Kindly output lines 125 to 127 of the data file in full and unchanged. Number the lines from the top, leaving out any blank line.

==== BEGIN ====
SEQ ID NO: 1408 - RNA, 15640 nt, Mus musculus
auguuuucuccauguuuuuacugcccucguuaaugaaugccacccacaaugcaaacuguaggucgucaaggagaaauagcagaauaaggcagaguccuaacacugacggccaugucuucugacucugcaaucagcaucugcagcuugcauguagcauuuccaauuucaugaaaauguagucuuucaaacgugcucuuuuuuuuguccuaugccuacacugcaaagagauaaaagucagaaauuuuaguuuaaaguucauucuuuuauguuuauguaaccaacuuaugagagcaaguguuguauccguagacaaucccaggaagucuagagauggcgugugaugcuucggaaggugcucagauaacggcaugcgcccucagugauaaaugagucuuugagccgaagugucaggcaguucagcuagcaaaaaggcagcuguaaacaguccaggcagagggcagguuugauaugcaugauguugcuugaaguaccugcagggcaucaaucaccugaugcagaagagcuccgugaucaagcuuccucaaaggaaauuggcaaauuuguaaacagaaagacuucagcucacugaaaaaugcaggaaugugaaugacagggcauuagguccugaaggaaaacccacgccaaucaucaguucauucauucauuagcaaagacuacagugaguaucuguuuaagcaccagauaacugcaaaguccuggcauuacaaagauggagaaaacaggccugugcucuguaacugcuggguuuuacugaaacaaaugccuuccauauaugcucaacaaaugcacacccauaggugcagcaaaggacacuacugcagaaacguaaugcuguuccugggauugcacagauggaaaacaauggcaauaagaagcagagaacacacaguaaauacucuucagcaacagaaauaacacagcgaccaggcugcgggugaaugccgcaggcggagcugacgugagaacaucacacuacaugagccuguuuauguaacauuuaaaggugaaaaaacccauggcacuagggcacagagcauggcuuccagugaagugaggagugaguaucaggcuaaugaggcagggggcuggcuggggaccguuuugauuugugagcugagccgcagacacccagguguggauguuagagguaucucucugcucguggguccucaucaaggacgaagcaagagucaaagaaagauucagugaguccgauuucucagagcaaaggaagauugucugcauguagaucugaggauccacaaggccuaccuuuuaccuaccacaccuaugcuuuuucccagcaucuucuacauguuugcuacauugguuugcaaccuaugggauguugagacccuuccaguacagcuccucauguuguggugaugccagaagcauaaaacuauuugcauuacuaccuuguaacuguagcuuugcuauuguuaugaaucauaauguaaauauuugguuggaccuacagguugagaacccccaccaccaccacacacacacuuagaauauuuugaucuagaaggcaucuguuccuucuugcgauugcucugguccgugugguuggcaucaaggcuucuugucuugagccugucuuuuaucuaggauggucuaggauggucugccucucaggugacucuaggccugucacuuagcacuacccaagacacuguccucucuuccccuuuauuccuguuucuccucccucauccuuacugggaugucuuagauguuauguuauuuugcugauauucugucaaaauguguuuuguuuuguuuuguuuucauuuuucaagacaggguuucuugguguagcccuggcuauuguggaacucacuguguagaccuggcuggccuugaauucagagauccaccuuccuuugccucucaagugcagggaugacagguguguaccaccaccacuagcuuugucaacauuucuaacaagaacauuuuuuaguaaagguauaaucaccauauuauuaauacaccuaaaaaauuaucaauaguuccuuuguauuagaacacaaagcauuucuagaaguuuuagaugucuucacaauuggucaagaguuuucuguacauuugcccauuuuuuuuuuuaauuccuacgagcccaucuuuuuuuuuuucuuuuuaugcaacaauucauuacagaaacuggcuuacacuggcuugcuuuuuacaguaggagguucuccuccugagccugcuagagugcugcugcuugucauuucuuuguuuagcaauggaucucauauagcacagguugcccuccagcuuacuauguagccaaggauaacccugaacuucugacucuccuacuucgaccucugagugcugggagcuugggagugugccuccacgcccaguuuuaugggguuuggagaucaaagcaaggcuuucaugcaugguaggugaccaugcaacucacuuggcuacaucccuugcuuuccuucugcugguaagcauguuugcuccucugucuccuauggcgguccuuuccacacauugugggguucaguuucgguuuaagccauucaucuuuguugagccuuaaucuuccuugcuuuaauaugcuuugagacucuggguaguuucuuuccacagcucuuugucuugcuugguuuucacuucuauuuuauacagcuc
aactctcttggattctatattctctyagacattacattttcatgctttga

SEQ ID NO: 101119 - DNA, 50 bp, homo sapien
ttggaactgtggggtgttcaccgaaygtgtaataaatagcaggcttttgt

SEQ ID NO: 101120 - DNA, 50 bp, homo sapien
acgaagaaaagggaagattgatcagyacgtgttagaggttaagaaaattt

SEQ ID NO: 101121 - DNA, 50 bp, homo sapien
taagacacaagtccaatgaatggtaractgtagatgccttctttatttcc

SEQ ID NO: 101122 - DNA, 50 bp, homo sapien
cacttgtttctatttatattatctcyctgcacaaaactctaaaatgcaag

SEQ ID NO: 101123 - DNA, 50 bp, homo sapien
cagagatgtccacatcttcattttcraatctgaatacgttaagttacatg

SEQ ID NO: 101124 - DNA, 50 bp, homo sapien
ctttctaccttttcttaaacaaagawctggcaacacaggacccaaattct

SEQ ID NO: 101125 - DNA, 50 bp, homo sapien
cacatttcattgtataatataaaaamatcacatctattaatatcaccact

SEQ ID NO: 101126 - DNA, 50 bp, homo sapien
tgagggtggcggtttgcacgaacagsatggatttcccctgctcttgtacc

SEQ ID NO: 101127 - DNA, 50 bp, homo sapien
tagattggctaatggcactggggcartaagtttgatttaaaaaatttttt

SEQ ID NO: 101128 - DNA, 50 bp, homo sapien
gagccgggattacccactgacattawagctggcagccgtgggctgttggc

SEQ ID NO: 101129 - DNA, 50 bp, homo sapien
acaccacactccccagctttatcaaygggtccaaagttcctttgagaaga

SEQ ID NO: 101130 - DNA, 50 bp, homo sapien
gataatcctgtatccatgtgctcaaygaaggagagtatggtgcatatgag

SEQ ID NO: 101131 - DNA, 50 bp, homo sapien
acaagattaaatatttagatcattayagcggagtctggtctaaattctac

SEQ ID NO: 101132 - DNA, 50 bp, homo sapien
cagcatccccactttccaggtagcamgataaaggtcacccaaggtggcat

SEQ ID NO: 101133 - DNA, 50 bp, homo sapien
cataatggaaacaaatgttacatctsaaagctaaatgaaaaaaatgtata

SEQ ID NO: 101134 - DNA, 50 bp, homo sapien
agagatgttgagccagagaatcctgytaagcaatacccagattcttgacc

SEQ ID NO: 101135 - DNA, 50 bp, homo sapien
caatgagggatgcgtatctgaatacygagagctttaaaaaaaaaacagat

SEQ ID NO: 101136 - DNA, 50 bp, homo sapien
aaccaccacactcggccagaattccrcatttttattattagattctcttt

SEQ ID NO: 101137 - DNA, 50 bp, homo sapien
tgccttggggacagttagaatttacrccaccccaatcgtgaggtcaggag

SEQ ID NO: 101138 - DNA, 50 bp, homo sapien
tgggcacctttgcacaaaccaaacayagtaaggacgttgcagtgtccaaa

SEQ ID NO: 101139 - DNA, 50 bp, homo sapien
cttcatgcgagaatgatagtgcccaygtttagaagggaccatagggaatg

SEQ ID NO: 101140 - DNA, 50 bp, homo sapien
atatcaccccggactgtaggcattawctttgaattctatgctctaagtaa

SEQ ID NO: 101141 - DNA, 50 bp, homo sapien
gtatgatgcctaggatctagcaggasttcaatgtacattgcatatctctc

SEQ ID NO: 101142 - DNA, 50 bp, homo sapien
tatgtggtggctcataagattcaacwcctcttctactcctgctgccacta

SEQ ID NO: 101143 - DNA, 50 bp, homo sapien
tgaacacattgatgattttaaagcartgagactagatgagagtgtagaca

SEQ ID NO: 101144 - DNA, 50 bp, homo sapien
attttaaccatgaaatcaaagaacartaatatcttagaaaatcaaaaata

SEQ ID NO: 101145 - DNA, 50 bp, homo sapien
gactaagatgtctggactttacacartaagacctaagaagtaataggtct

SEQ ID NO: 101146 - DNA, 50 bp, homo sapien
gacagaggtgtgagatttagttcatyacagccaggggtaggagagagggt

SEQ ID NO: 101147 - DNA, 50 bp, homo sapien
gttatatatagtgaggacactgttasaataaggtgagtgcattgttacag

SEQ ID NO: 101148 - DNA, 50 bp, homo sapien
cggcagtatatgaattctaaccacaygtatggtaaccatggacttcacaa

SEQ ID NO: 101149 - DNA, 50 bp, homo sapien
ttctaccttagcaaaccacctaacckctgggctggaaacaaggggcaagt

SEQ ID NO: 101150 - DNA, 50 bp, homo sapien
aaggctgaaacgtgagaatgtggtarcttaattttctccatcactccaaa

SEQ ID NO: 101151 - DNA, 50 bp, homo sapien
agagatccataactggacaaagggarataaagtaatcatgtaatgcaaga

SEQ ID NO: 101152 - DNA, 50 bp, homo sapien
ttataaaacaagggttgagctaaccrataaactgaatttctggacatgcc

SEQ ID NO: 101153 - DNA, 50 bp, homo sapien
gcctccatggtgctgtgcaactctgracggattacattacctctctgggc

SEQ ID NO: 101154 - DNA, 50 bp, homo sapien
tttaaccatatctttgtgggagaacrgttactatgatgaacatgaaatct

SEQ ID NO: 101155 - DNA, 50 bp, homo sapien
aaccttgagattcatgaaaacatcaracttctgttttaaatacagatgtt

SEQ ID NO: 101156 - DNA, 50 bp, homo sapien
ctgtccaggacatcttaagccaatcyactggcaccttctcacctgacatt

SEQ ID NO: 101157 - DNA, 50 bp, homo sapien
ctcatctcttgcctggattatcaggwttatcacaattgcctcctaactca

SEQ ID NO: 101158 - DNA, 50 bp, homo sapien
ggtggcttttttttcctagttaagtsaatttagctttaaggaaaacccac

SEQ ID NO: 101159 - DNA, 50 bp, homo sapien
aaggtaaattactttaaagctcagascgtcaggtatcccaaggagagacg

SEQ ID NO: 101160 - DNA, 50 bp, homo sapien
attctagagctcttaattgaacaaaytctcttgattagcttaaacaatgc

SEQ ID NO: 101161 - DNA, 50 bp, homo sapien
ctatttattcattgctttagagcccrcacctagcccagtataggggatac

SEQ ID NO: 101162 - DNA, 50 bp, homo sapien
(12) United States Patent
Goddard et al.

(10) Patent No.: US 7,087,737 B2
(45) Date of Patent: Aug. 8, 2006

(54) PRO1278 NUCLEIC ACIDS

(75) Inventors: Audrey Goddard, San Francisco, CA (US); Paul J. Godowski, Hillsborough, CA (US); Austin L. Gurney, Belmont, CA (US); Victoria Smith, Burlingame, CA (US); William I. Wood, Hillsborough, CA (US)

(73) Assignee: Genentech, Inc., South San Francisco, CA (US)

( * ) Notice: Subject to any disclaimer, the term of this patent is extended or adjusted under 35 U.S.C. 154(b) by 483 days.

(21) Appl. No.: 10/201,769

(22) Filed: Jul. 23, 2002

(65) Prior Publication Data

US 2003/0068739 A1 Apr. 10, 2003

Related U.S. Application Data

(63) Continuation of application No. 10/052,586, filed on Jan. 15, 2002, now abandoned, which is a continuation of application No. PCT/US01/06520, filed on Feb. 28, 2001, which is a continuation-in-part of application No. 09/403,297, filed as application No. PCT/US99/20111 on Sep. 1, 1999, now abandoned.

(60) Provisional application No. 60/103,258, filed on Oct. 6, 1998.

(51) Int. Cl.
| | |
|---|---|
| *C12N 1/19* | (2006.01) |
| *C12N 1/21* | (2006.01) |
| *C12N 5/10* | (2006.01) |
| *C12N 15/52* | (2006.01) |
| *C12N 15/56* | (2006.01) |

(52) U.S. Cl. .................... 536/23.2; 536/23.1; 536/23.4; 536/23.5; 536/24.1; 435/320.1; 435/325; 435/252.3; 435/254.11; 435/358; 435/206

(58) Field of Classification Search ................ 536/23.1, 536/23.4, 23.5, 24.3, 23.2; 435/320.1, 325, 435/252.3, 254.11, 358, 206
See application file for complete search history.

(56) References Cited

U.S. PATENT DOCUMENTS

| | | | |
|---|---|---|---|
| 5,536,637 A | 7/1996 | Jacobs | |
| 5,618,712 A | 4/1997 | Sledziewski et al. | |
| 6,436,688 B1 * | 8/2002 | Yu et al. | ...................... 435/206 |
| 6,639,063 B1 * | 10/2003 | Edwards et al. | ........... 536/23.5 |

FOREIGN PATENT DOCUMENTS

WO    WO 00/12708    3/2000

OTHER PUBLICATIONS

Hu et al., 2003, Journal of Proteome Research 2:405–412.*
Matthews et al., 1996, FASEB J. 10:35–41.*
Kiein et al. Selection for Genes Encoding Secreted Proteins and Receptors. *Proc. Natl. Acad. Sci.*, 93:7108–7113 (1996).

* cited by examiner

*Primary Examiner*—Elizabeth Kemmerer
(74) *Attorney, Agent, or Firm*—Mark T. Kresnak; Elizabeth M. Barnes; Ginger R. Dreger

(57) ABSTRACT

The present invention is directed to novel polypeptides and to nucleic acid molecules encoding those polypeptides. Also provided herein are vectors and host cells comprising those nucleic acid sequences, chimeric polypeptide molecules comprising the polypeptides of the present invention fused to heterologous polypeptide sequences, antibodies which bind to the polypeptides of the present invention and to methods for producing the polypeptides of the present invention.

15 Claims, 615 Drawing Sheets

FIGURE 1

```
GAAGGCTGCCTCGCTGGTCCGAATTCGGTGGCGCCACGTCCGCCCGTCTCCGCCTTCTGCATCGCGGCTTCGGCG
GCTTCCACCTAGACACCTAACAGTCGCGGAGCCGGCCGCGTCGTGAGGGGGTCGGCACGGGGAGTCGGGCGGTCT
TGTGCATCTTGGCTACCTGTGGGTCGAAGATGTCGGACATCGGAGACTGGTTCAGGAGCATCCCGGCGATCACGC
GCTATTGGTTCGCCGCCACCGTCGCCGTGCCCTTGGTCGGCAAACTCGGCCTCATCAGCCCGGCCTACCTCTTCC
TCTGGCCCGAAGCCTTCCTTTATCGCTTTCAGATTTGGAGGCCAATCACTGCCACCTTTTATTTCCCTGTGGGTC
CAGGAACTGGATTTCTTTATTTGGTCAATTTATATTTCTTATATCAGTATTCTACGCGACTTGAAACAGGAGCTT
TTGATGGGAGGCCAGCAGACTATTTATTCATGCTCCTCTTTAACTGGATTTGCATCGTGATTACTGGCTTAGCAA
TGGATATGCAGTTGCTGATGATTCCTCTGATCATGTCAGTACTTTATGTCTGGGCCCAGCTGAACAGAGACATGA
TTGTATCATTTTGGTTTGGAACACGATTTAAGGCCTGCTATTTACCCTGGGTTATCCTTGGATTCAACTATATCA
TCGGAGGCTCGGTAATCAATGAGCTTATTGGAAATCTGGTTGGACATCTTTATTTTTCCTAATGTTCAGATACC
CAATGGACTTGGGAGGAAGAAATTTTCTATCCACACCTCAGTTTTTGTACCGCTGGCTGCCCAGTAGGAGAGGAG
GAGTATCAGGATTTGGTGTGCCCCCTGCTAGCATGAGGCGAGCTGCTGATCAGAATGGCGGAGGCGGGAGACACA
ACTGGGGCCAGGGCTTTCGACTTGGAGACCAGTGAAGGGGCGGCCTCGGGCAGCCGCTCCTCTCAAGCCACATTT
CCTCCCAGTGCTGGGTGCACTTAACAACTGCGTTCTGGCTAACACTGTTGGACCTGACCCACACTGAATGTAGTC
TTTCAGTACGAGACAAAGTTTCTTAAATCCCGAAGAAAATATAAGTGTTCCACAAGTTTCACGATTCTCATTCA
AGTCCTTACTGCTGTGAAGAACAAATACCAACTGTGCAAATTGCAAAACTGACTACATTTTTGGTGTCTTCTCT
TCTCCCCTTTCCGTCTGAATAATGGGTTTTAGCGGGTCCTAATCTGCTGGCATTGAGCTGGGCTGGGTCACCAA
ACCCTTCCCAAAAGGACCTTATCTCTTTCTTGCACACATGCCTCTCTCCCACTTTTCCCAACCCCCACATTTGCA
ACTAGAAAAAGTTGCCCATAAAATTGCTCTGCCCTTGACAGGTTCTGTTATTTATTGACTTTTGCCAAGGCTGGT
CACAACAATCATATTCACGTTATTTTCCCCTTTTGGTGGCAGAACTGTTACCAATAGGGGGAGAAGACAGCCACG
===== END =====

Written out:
FOREIGN PATENT DOCUMENTS

WO    WO 00/12708    3/2000

OTHER PUBLICATIONS